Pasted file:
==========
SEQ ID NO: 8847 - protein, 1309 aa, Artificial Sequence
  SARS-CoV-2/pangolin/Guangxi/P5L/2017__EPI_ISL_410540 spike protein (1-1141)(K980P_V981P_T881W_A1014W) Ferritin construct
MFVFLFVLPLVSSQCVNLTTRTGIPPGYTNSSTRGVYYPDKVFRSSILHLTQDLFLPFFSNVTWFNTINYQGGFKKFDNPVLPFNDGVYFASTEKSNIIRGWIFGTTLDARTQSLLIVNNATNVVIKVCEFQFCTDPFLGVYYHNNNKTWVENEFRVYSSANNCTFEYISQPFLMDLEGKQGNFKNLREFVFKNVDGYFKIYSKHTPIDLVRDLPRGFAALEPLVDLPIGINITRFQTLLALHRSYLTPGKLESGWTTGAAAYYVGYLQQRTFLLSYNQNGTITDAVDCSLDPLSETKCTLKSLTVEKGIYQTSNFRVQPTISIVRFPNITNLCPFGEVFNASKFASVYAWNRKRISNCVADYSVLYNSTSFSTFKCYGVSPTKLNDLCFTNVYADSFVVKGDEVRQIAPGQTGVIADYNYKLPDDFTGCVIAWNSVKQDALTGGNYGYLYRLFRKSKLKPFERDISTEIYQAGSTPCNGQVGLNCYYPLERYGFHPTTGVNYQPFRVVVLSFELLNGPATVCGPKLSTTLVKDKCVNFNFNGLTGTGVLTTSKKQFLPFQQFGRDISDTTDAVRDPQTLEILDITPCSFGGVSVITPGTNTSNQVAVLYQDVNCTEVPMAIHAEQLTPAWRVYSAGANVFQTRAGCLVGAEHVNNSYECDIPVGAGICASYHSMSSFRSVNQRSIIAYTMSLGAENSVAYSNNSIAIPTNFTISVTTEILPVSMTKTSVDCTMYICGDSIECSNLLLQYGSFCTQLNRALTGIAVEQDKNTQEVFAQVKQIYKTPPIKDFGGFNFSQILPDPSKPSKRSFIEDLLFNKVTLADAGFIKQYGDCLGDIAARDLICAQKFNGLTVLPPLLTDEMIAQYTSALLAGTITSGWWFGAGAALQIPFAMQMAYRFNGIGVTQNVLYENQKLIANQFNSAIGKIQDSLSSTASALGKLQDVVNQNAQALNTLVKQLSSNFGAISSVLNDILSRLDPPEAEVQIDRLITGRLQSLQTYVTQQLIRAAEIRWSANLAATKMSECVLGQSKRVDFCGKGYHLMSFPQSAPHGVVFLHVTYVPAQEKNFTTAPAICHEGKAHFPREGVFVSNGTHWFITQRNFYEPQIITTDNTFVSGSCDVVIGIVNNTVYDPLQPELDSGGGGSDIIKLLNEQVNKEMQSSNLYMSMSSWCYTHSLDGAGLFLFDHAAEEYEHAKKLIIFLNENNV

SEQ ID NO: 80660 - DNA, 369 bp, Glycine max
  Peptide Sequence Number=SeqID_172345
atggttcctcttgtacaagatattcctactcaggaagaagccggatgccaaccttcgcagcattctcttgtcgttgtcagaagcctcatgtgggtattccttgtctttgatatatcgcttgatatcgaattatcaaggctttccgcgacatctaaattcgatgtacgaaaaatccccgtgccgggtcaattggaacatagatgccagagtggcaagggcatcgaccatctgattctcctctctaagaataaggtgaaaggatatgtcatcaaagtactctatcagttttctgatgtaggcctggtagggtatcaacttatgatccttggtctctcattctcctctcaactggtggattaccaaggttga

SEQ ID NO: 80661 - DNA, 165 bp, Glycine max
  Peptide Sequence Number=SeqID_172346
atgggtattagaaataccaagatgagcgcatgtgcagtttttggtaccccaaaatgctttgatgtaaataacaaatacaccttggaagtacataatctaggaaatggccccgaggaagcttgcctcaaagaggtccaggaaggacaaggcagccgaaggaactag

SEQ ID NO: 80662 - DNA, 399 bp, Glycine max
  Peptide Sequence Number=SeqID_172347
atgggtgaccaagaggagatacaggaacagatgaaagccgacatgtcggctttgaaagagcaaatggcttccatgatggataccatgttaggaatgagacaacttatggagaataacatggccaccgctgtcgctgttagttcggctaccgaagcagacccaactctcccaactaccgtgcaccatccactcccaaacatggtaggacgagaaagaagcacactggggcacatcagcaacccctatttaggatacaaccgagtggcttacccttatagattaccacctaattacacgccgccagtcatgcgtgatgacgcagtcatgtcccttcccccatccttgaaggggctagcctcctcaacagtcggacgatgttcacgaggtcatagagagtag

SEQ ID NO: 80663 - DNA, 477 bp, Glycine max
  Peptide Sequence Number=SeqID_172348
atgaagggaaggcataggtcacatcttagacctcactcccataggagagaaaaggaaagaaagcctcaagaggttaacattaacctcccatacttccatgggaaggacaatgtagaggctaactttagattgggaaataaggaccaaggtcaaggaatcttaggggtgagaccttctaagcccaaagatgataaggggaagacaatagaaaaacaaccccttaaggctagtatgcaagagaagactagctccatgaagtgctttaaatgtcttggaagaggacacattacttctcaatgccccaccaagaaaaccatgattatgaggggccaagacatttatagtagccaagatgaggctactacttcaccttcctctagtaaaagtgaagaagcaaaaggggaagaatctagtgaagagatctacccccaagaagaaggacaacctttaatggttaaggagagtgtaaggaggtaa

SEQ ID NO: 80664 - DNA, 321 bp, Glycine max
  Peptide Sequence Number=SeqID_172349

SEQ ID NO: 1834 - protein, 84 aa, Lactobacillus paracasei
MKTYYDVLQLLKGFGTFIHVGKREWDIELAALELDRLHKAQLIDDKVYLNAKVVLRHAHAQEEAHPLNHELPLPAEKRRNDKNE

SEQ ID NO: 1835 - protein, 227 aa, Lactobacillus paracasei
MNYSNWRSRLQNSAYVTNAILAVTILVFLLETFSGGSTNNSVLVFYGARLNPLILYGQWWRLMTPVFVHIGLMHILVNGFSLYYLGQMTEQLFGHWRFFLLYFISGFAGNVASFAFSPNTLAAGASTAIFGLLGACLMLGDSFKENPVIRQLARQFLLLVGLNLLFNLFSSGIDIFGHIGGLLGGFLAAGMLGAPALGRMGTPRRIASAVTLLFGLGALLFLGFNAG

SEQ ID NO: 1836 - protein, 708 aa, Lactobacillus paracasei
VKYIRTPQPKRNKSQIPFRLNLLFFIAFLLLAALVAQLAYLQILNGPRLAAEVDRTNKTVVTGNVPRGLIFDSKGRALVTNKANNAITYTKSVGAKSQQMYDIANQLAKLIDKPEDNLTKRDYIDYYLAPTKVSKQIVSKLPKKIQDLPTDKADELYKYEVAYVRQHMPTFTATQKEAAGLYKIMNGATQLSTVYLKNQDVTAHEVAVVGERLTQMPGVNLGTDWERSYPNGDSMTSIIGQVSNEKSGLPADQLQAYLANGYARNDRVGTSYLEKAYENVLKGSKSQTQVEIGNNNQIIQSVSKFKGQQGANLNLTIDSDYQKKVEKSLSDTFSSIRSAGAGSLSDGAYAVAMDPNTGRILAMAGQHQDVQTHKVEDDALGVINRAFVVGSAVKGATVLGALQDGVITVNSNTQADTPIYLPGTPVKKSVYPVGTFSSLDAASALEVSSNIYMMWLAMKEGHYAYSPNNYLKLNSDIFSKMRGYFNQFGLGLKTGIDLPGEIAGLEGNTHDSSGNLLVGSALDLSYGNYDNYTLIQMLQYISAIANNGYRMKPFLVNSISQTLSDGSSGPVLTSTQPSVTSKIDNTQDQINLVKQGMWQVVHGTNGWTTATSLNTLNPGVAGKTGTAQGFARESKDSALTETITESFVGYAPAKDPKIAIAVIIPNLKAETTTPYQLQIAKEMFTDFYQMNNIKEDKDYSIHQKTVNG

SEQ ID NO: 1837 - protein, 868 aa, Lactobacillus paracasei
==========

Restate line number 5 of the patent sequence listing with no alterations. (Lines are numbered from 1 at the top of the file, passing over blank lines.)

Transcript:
  Peptide Sequence Number=SeqID_172345